Australia turned to their all-time record wicket-taker Shane Warne for inspiration as they seek to keep their Ashes hopes alive in Manchester this week.
Warne joined the tourists during their final practice session at Emirates Old Trafford before the third Investec Test, where anything but victory will end Australian hopes of regaining the urn.
Warne delivered the so-called 'Ball of the Century' at this venue 20 years ago to make his Ashes mark and his countrymen appear in need of similar wizardry if they are to fulfil skipper Michael Clarke's bold belief they can yet leave England victorious.
The 43-year-old former leg-spinner spoke for 20 minutes with slow bowlers Nathan Lyon and Ashton Agar - either if not both in contention to play on a pitch expected to take spin - before speaking at length and bowling to Clarke.
Afterwards Warne, who retired in 2007 with a then world-record 708 Test wickets, was coy regarding the content of their conversations but did echo Clarke's assertion that Australia could yet win the series.
"I think they can (win the series)," he said. "I think they will go into this Test match like they think they can too.
"The conditions here are quite unique. They are a bit different to what you get everywhere else.
"I think this sort of wicket will (produce) a result as long as it doesn't rain all the time.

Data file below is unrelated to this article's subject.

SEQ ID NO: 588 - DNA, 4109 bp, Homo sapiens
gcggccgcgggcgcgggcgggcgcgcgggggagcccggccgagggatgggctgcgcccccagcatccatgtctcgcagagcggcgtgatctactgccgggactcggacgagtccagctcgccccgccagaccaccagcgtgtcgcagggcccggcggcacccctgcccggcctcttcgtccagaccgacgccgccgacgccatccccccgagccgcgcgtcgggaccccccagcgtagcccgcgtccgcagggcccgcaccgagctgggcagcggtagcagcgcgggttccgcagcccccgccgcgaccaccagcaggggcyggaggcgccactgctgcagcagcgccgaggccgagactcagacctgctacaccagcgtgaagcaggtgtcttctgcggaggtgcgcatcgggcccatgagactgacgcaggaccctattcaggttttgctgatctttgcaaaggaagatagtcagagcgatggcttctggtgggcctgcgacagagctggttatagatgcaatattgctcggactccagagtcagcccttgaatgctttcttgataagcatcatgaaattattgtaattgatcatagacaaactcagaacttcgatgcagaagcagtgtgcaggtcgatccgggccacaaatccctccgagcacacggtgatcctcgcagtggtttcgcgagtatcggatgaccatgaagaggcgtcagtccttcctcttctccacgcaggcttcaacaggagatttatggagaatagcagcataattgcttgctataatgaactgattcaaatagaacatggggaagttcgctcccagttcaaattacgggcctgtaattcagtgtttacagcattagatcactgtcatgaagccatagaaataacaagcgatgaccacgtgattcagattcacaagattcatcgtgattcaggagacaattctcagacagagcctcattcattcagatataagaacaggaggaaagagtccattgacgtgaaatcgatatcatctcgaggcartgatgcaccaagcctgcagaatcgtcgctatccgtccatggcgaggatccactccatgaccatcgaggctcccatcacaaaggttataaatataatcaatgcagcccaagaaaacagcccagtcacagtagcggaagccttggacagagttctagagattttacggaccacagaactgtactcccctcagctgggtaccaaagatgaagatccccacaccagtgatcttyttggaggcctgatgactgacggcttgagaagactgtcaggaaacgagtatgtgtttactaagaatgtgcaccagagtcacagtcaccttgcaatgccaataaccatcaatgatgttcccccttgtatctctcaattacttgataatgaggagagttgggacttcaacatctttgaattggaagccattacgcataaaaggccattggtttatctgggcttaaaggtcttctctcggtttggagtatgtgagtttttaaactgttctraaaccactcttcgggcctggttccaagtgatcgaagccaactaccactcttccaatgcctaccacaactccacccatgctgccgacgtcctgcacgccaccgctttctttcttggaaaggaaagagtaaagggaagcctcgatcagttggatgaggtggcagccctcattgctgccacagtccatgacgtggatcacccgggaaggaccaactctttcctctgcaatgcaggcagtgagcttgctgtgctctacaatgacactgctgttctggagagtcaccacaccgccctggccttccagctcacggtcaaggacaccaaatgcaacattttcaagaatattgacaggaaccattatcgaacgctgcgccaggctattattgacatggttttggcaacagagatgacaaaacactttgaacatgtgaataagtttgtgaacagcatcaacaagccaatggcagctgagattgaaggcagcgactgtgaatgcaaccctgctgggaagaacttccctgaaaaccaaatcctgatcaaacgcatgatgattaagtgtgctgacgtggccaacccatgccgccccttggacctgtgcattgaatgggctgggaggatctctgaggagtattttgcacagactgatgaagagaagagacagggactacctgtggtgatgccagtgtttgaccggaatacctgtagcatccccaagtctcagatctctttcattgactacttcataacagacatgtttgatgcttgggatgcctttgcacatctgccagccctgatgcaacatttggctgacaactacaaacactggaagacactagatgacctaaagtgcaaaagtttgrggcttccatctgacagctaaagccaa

"I think Australia are a good chance and if it is 2-1 going to Durham, where anything can happen up there, they're back in the series.
"If everyone thinks they have no chance then they have every chance. Hopefully you guys keep laughing and keep thinking Australia have no chance because then they might win."
Speaking about his conversation with Clarke, who has yet to fire in the series so far, he added: "I was just bowling and talking to him about the way he was batting against the spinners.
"He's one of the best players in the world, if not the best player of spin in the world. I don't think I could teach him anything about playing spin.
"It was more or less reassuring him and telling him he looks good."
Warne did admit that Australia could be tempted to play two spinners in the Test after England called up Monty Panesar alongside Graeme Swann in their 14-man squad.
"When you come to Old Trafford two spinners is always an option," he said.
"These guys want to see the wicket tomorrow so I have no idea what the team will be or anything like that. Whether they go with that who knows?"
Australia employed another former great, Glenn McGrath, to speak to the squad before the 347-run humbling at Lord's and Warne said he would be available to the team whenever they deemed it appropriate.
"Anytime. (Coach) Darren Lehmann is one of my best friends. Michael Clarke is my best friend," he said.
"You've got the coach and captain so I'm sure there will be other times when I come down and help out the spinners or come down and have a chat.
"As an ex-Australia cricketer all of us want to see the Australian team do well. We all support them and if we are asked to come and help we will.
"McGrath was there the other week trying to help. We're just trying to do our bit because we want to see Australian cricket do well."